“If you want things done right, do it yourself.” That is a common phrase, and I admit describes how, at times, I have a hard time completely handing off projects. This is true when I have a particular vision and a particular way I think something should be done. Still, in my experience, this phrase usually is a reflection of not allotting ample time to adequately prepare the people I am asking to help me. And not a reflection of their ability to complete a task to my satisfaction. In these instances then, this phrase becomes an excuse. I have to do it all, if I want it done in time. Or, maybe I just don’t want to invest the time to help prepare someone with less experience, as in the short term that would be more work.

Do you ever experience this feeling? Or, do you ever witness this attitude in the church? Has someone taken on a role in the church, and then held onto it forever? Does that help the next person in line? More importantly, does that fit into the value of discipleship held strongly within the church?

As I begin work in a new role in the church (Executive Director of Board of World Mission), I find myself reflecting on those who have come before me, and how grateful I am for the ways they have helped prepare me. There actions remind me that we aren’t expected to take part in the great co-mission (note the “co” part of that) without God, and without one another!

In college, I led my first international mission team to Nicaragua. I had called up a bunch of camp friends to see if they would join me in doing some hurricane relief work, and when they all said yes, I was on the hook to actually make it happen! Well, we did, and it was a great trip, and I was invited to speak about it in several different Moravian Congregations. One of those congregations was Lake Auburn Moravian Church in Minnesota. As I got ready to give my message, I must admit that it was going to be one of “Look at the new thing that is happening! Look at the example these young adults are setting, and collectively you, as the church, should come get on board with this whole mission work thing!”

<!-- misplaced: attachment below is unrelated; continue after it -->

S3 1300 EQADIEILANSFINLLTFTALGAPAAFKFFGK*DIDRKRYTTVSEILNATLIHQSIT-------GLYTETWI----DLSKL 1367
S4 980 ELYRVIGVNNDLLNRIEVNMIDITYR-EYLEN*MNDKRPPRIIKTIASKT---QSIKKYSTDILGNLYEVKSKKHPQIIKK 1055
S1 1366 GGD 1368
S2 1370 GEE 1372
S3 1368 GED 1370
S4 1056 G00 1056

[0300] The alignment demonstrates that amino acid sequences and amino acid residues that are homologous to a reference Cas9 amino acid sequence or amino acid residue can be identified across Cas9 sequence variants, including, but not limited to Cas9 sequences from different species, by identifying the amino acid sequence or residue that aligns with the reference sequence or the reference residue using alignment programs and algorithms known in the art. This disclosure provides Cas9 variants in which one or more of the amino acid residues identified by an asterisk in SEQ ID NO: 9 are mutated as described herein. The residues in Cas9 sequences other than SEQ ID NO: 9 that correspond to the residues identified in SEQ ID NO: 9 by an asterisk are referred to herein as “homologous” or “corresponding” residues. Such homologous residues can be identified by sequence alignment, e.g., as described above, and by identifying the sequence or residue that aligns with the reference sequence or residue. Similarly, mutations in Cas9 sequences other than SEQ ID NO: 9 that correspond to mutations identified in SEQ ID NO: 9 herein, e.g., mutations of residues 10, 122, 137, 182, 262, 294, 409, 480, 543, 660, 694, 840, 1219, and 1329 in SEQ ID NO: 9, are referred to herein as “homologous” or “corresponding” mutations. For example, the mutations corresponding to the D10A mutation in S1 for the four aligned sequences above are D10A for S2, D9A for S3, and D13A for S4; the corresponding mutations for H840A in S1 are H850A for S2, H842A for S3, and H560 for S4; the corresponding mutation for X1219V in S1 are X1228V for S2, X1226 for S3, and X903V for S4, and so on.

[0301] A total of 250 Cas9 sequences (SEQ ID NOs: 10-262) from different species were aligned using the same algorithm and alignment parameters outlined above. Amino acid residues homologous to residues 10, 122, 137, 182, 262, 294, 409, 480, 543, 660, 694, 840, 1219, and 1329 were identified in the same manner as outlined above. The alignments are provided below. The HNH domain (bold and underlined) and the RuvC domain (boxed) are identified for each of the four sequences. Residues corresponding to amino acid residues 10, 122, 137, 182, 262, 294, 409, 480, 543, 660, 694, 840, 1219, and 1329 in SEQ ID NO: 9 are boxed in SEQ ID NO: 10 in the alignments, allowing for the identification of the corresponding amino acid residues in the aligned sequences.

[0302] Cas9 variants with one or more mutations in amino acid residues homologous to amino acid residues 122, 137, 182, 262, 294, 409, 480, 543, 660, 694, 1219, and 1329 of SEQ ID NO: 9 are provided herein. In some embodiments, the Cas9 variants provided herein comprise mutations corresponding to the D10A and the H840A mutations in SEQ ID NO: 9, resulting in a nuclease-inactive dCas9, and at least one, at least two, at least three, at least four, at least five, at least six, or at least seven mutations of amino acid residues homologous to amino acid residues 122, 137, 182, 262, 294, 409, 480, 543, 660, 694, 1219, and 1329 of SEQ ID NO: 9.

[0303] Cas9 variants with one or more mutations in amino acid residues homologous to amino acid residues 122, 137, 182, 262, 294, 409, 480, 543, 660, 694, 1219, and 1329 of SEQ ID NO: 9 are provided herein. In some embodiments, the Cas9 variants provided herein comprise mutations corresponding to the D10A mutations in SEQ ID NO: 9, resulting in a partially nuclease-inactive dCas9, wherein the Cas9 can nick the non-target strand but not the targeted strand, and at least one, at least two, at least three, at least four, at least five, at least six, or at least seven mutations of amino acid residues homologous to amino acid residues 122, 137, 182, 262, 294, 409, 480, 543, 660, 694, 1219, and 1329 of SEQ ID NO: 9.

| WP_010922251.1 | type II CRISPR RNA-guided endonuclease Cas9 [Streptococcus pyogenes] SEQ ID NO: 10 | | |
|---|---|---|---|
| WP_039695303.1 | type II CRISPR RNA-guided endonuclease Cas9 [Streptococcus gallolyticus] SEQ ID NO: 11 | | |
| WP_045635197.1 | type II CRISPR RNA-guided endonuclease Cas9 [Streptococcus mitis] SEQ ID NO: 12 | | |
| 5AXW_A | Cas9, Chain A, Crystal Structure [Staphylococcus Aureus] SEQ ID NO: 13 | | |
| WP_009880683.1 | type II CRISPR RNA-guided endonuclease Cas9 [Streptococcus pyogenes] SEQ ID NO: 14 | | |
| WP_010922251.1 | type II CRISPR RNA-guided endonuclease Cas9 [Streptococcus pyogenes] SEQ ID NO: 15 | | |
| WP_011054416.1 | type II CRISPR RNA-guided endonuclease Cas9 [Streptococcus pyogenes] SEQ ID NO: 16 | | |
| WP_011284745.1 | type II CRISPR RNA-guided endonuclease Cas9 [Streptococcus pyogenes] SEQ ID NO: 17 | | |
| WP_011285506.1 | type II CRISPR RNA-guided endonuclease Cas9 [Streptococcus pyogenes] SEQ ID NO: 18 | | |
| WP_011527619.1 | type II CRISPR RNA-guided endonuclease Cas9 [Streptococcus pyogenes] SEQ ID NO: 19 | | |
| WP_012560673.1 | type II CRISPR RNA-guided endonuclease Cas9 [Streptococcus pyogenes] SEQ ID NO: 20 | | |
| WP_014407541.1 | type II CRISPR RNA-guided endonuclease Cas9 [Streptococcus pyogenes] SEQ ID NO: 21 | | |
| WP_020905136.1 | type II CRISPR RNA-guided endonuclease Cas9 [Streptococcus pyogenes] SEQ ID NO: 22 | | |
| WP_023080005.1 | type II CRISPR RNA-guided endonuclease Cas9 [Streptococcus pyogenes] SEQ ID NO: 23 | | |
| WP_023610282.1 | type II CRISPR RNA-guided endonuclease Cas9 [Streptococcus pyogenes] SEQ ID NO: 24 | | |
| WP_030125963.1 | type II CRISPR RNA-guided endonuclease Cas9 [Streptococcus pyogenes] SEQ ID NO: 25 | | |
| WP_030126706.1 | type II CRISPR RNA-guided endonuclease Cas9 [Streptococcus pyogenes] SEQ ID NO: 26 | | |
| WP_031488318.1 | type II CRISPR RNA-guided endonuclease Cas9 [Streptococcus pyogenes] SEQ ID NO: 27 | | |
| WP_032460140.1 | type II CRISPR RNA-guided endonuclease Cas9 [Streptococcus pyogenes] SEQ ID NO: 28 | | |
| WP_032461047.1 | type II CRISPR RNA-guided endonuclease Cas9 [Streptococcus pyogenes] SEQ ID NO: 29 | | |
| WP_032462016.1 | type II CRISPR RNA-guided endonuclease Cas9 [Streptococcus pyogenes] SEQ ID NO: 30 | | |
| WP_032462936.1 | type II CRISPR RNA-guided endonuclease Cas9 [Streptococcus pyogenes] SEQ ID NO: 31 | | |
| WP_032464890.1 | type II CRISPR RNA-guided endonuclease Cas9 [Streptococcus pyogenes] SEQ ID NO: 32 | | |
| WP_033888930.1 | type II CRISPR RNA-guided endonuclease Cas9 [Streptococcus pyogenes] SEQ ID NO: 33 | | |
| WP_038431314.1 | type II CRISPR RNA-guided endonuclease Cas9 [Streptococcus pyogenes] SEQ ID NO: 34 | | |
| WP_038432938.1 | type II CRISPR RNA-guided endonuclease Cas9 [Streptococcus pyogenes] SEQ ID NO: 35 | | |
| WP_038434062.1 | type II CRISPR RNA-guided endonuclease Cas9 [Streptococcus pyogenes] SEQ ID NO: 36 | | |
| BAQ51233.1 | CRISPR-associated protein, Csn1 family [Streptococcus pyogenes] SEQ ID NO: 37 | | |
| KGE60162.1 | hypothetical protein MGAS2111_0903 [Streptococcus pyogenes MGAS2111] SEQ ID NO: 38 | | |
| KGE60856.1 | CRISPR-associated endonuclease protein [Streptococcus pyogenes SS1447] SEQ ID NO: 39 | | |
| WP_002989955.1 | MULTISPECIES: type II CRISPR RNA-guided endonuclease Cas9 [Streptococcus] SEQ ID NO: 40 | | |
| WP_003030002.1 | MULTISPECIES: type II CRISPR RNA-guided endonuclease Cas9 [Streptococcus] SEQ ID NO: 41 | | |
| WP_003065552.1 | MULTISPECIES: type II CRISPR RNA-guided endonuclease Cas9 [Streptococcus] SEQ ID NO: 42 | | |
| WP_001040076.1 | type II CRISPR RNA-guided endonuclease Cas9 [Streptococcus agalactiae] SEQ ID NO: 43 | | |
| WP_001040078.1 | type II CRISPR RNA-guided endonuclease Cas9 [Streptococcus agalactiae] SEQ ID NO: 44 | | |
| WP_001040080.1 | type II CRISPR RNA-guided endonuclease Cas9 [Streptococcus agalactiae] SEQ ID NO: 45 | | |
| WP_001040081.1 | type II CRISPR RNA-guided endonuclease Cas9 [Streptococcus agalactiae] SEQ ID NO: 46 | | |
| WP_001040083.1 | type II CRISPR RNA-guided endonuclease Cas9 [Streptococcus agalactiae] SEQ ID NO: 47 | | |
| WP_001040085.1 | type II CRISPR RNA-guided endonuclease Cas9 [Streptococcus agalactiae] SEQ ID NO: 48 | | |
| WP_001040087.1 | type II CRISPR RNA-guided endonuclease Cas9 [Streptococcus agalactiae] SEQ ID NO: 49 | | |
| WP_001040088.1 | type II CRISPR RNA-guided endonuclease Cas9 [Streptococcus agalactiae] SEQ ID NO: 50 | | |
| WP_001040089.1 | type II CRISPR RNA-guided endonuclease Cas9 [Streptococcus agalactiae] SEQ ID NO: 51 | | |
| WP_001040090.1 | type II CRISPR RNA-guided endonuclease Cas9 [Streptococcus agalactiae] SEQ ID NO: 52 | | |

Well, it turns out the person introducing me that day was Rev. Lorenz Adam, who had not only served as a missionary in Central America for many years, but had been the Pastor at my church since I was born, and had baptized me. My parents still had some of his old missionary barrels (basically the equivalent of moving boxes for missionaries back in the day) stored in a building on their farm! On top of that, Lorenz chose that day to present, as a gift to the congregation, a somewhat famous painting (in Moravian circles) of David Zeisberger preaching as a missionary to the Native Americans in Ohio during the 1700s.

Image of David Zeisberger

Image of David Zeisberger. Public domain image via Ohio Historical Society/Wikipedia.

Talk about being hit over the head with irony. I was going to speak about the “new thing” I was helping to start, following a presentation clearly demonstrating the long history of the thing I was about to claim to have started.

I had to change my message (and my thinking) on the fly that day, and it stays changed to this day when I speak on missions. Instead of looking for support of the new thing that is about me, I work hard to remember that it is about God’s story, and the deep honor it is to be a part of it.

Come full circle, and at an event organized by the Board of World Mission in 2016 to help engage young adults in mission, I was able to be the one making the introduction of another speaker. At this event where I was trying to live out the call to help disciple to those who come after us, I was able to introduce a very special woman who came before me: Nora Adam.

For all the ways we worked to try and make the event relevant to young adults, to incorporate technology and up-to-the-minute breakthroughs in group facilitation theory, the most powerful moment was a simple speech by the wife of the pastor Lorenz I mentioned earlier. Nora was given free reign to share whatever story was on her heart, and she choose to speak on the theme of “total commitment.”

To speak with authority on this topic, you cannot have anyone guessing if you yourself were totally committed. She spoke with authority by speaking of the way she lived her faith, shared her love, and lived a life filled with hope.

Watch her presentation yourself, and see how powerful her words are, shared from a lifetime of experience.

My prayer for you, and for me, is that as we undertake God’s mission for us, we can take it on with total commitment. That and may our commitment be a witness to others, as we invite them to join in as well!


Questions? Comments? Contact Justin at Justin@MoravianMission.org

Image of Justin Rabbach

Photo via Justin Rabbach